Rob Mazurek: cornet, ring modulator; Nicole Mitchell: piccolo, flute, voice; John Herndon: drums; Jason Adasiewicz: vibraphone; Mauricio Takara: cavaquinho, percussion; Guilherme Granado: keyboards, electronics; Thomas Rohrer: rabeca, C melody saxophone; Carlos Issa: guitar, electronics.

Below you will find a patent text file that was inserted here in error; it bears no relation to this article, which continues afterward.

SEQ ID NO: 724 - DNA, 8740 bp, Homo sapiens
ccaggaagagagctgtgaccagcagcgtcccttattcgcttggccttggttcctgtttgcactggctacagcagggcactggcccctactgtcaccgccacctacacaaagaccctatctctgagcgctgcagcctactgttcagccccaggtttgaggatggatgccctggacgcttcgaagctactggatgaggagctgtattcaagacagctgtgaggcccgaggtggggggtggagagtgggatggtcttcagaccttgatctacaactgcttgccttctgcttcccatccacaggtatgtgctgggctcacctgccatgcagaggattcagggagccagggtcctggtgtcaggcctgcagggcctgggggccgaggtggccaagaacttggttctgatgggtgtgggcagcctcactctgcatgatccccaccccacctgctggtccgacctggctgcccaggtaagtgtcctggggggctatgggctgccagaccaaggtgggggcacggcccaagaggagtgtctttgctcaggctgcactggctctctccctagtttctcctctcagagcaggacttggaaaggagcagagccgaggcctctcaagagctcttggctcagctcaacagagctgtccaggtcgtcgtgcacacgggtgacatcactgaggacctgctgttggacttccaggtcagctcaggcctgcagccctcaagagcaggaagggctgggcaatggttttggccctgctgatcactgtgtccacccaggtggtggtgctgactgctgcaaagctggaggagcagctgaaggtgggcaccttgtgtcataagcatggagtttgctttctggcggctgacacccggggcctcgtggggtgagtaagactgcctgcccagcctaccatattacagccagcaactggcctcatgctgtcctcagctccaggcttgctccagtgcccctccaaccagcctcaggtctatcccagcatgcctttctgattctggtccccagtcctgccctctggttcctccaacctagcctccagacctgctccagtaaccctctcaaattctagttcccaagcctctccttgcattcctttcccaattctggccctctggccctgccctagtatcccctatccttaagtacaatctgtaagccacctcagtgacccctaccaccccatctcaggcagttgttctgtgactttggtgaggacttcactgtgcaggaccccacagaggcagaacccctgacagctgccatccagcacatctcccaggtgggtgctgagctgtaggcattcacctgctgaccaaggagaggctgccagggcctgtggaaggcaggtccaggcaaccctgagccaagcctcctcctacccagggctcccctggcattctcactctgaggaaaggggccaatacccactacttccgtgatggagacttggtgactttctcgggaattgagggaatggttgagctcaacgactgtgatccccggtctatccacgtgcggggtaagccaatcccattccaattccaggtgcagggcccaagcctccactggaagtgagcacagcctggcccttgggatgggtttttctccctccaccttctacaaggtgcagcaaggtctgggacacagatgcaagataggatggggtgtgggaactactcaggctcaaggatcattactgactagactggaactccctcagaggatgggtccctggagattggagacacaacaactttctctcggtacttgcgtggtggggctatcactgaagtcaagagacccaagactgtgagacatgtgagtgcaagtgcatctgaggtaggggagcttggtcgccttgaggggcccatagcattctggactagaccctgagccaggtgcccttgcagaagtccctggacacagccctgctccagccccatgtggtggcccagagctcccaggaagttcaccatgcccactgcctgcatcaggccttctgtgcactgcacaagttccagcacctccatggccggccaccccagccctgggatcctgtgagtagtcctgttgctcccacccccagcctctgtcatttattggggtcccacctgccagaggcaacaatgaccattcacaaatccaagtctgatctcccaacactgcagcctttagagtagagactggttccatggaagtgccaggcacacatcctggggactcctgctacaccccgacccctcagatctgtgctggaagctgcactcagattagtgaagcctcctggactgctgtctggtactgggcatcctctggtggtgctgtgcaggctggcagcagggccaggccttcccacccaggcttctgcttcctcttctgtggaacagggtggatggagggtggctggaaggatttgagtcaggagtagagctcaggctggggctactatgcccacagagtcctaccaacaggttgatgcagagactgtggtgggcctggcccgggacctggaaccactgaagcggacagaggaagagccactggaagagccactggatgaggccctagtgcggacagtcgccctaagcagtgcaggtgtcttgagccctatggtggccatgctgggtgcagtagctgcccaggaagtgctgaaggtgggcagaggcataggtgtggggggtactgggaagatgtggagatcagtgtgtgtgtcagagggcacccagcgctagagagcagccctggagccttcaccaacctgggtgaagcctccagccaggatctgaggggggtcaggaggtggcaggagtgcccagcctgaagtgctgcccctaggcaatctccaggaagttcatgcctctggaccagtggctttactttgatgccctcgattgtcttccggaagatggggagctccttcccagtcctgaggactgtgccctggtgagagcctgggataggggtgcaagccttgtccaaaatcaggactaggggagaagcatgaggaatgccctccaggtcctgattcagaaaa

The expression “go with the flow” is one that instantly comes to mind when I (vainly) try to center myself on the sounds emitted by Skull Sessions. An album replete with massive electro-acoustic clouds whose acid rain potential is indubitably high, in comparison with an instrumental detail that, in many instances, is not precisely identifiable as infinitesimal. Indeed the large part of these prolonged pieces – influenced by, but not slave to the music of Miles Davis circa 1975 – directly connects with what Soft Machine would have known as “floating worlds”. The group’s propensity to overlay diverse contrapuntal plans causes rather continual adjustments in the textural properties, patently characterized by a not-exactly-regulated opposition to structural control. The single players join their respective fantasies in (mostly) blaring fashion according to the common laws of agglomerative improvisation, with particular emphasis in the rip-roaring “Galactic Ice Skeleton”. On the other hand, exceptions to this general rule can be found in the last two tracks: “Skull Caves Of Alderon” is founded on an irresistibly galloping leitmotif, whereas “Keeping The Light Up” is a short, quiet joint conversation ending the program on a somewhat relieving note. The Rob Mazurek Octet, born from the fusion of a pair of bands led by the trumpeter (Exploding Star Orchestra and São Paulo Underground) appears as an organizational agency to reach places where transonic collectiveness is more essential than individualistic meticulosity.